4. Students may not use or publish another student’s work without the explicit permission of the person who created it.
  5. A student may publish his own work, for example on his blog. The student is allowed to provide a context for the work, such as describing the assignment that the work responds to and, if necessary to establish context, summarizing some writings of some other students, but without using their exact words and without saying who wrote what.

The rest of this Policy puts these rules in more formal language:

DEFINITIONS

  • Additional invited instructor or researcher: An additional invited instructor or researcher is someone who is not the course instructor but is granted instructor-level access to the course data:
    • as a trainee who is learning how to teach the course
    • as a coach who is helping an instructor teach the course better
    • as an evaluator who will analyze the effectiveness or other value of the course
    • as a researcher who will analyze the data of the course with the intent of publishing the results of the analysis to a broader community of scholars
  • Attribute: To attribute a work is to identify who did the work. For example, if you say “Shari Pfleeger said X”, you are attibuting X to Dr. Pfleeger.
  • Course data: This includes everything created during the running of a course. For example, any stored student discussions are part of the course data. Answers to assignments or exams are course data as are the instructor’s notes on how / why they were graded that way.
  • Course instructor: One or more people explicitly identified as the instructor(s) of the course. The instructor is responsible for managing the course. Depending on how the course is taught, common instructor tasks include answering questions, assigning tasks to students and grading the work or seeing that it is graded by someone else, deciding whether a student passes or fails the course, etc.
  • Course readings: This includes all of the readings assigned or suggested by the instructor other than the course slides and assessment materials (such as exams or assignments).
  • Creative Commons licensing: An author can give other people permission to make copies of one of his works. This permission is called a license. The typical Creative Commons license used for instructional materials in this course is either an Attribution license or an Attribution Share-Alike license. The attribution requirement in a license says that you must say who wrote the work you are using. For example, if Joe publishes course slides on the Web under an attibution license, and Jane makes copies of them (perhaps changing the format or tweaking some words) and gives them to her students or publishes them on her website without acknowledging on the slides that Joe was the author of the original slides used, then (a) Jane is making copies outside of the terms of the attribution license and so she is violating Joe’s copyright and (b) Jane is plagiarizing Joe’s work. The Attribution license and the Attribution Share-Alike license both allow you to modify the work that you are copying and to use the original work or your modified one for commercial purposes. The Share-Alike part of the Attribution Share-Alike license, however, says that if you modify the work and publish your modification, you must publish your modifications under the same terms as the original (Attribution Share-Alike). The simple attribution license does not require this–you can merge proprietary information into Attribution-licensed slides and make the entire set proprietary–as long as that set still preserves the proper credit to the original author(s) of the slides that you used.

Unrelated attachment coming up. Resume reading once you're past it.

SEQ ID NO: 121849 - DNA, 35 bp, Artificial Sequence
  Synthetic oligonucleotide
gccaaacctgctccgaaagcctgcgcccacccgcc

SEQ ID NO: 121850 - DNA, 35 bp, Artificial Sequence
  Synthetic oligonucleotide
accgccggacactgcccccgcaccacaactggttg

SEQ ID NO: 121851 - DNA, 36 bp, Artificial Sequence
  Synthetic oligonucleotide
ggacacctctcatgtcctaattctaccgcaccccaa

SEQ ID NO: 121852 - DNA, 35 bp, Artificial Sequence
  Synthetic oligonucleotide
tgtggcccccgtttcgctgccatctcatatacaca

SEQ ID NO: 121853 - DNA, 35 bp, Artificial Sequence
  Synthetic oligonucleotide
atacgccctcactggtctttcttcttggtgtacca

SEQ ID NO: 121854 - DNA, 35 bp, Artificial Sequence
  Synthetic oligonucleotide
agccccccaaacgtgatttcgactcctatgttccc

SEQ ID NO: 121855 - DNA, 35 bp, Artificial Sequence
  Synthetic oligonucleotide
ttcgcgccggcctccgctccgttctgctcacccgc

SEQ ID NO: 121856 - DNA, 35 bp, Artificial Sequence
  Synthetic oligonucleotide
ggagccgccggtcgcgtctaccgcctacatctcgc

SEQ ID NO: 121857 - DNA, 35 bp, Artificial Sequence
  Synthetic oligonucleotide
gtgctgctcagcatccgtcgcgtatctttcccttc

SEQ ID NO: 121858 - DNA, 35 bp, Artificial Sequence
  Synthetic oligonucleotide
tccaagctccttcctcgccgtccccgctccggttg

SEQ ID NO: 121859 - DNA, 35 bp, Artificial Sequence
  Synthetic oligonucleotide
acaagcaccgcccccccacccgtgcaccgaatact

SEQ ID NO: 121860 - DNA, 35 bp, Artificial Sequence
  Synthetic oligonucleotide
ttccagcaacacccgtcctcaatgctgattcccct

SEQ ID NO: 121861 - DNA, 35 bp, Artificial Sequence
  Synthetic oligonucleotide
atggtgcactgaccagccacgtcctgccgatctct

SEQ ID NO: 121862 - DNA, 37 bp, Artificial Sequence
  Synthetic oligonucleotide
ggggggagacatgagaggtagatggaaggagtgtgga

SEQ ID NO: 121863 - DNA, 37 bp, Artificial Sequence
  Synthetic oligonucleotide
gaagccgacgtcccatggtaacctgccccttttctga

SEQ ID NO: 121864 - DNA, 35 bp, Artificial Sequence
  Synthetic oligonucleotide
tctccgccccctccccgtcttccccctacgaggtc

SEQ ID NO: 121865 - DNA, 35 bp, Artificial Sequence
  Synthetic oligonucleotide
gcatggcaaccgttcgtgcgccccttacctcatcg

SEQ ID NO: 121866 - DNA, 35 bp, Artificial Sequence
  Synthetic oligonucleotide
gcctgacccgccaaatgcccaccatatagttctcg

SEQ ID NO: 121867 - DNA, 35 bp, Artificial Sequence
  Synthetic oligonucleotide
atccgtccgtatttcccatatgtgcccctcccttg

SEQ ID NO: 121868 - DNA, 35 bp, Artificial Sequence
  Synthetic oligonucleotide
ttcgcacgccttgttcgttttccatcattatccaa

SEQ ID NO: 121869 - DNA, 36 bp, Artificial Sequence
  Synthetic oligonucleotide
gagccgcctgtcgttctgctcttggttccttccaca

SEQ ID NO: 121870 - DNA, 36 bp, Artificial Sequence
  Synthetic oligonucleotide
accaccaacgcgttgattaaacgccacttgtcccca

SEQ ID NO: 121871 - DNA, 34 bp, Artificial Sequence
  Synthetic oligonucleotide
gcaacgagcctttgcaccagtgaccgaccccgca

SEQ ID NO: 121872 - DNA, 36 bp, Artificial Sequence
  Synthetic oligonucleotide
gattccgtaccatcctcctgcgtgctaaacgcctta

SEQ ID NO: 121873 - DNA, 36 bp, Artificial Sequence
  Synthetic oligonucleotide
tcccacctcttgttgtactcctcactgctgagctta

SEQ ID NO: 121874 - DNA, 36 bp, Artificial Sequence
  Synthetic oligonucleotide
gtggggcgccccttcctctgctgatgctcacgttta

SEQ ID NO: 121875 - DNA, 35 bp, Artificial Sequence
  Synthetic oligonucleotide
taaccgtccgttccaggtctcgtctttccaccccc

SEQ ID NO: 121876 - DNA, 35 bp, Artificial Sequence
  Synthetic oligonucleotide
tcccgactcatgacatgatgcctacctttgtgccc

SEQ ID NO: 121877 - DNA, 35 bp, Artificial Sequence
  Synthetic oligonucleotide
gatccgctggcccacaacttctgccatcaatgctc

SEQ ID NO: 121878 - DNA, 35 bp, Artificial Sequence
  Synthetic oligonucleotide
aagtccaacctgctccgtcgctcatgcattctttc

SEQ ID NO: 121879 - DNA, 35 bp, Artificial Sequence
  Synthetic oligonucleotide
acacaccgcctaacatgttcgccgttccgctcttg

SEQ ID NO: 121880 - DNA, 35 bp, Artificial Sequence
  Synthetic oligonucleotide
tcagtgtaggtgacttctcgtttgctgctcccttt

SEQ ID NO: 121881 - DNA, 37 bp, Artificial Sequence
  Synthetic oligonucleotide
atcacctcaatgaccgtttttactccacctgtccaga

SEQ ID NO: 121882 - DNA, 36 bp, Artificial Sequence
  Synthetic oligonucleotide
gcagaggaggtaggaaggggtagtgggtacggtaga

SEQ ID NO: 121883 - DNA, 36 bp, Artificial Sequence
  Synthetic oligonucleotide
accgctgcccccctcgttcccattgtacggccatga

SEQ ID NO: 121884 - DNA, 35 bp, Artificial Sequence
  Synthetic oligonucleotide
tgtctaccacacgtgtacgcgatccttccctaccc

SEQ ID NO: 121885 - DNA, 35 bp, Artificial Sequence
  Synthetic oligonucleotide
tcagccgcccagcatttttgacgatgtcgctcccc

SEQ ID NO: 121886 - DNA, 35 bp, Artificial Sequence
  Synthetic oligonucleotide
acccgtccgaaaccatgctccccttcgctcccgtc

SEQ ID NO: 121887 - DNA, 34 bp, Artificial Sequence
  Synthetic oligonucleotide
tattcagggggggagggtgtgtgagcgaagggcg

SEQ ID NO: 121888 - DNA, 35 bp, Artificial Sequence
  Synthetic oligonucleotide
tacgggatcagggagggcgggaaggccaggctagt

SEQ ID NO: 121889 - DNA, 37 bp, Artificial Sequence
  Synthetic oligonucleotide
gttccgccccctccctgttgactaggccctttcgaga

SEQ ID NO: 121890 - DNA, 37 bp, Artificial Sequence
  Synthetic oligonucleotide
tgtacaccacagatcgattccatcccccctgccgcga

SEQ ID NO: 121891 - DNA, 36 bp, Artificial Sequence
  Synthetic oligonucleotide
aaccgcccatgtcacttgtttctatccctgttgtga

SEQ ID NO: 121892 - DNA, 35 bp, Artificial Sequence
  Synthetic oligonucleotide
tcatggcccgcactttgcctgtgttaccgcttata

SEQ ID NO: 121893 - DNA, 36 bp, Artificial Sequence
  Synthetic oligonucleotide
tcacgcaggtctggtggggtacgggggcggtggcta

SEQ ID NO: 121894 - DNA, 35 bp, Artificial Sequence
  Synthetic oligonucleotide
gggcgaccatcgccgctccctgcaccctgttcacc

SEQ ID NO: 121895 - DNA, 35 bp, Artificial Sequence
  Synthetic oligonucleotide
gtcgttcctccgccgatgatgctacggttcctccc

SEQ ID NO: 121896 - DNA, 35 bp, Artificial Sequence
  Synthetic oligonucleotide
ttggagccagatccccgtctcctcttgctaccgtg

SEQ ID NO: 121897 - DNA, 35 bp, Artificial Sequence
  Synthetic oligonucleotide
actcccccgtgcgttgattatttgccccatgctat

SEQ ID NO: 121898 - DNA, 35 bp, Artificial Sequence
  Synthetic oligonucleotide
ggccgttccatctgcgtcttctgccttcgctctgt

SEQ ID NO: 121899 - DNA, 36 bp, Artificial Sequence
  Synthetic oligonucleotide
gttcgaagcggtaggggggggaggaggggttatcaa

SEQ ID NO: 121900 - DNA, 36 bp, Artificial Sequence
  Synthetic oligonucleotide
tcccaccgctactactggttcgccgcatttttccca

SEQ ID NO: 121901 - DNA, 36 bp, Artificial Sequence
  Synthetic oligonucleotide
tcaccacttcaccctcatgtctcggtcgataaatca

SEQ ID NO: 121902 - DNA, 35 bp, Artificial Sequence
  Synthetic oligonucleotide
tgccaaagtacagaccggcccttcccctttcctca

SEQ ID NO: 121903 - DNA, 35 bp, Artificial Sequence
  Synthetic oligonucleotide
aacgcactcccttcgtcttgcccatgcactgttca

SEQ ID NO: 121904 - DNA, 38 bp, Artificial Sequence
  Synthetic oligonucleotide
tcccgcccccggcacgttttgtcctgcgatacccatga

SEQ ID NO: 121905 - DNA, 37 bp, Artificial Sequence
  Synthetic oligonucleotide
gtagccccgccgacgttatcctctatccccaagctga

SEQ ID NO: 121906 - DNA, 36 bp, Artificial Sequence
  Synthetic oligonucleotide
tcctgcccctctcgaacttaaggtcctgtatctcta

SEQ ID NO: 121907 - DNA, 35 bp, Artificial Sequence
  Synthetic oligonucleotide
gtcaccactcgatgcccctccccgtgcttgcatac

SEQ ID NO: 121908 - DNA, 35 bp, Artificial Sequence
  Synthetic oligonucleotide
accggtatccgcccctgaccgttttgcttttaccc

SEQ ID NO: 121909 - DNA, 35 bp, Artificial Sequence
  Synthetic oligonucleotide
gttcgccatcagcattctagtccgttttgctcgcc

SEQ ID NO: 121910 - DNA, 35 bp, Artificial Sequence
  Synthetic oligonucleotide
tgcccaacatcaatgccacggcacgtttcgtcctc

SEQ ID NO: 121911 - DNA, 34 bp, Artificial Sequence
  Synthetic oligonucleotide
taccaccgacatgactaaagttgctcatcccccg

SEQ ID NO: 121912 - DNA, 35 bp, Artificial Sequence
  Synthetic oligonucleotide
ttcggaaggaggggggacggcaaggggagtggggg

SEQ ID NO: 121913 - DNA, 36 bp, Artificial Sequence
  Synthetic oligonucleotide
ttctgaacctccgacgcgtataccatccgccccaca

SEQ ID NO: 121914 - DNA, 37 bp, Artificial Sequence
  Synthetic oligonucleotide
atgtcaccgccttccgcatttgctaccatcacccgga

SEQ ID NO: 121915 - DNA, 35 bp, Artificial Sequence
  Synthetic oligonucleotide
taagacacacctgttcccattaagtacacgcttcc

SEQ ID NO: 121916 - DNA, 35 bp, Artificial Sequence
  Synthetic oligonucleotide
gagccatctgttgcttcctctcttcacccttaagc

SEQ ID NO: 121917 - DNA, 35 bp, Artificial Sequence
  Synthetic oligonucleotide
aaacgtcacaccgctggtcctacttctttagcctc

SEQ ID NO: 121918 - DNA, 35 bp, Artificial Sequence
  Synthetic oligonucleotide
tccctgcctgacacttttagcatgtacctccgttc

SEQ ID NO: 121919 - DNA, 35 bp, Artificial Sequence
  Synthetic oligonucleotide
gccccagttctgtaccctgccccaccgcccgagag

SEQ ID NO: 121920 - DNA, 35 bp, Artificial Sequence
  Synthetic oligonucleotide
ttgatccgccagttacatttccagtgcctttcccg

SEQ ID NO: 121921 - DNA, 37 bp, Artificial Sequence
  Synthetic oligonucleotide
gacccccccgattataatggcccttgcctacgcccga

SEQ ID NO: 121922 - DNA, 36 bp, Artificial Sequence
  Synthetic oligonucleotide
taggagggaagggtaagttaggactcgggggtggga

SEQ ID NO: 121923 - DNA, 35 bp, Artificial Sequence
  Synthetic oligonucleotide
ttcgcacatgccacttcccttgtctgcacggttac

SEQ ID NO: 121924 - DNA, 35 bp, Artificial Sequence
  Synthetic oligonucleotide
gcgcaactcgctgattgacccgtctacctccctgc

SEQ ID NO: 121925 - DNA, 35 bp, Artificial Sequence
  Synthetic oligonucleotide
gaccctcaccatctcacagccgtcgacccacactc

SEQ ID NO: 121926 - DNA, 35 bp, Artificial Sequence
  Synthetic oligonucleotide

• Instructional materials: This includes everything used to teach the course (videos, slides, exams, etc.), or everything created to teach the course other than pre-existing course readings.
  • Instructor: This includes anyone who is a Course Instructor or an Invited Additional Instructor or Researcher.
  • Lead instructor: If there are multiple course instructors, one of them is responsible for the overall management and quality of the course. That person is the lead instructor.
  • Paraphrase: If Joe writes something, Jane can use Joe’s ideas and convey the same meaning as Joe without using his words. This is called paraphrasing. If Jane “closely paraphrases” Joe’s writing, she is preserving the structure of Joe’s writing and merely substituting some words that mean basically the same thing and perhaps changing the order of clauses in a sentence or sentences in a paragraph. It is poor form to closely paraphrase someone else’s work. If your writing is going to be that similar to theirs, just quote them. Close paraphrasing is no protection against a lawsuit for copyright infringement–the rule against making unauthorized copies applies just as well to copies that are recognizably derived from the original. A better form of paraphrasing reorganizes what Joe wrote so that it gets across Joe’s idea(s) but in a way that was clearly not written by Joe. Typically this drops details that were important to Joe but are not relevant to the point you are making while using Joe’s work. Often, a good paraphrase summarizes related ideas by several people and explains the underlying essential idea in a way that would be appropriate for all of them but isn’t directly derived from any of them.
  • Publish: You publish a work when you make copies available to several people. Making 10 copies of a document and giving one copy each to your 10 students is “publishing” the document to those students. There is an important distinction between publishing to the world and publishing to a restricted audience. For example, when you write a comment in a discussion in this course, you are publishing the comment to the other students, but they have all agreed not to republish the comment to the rest of the world.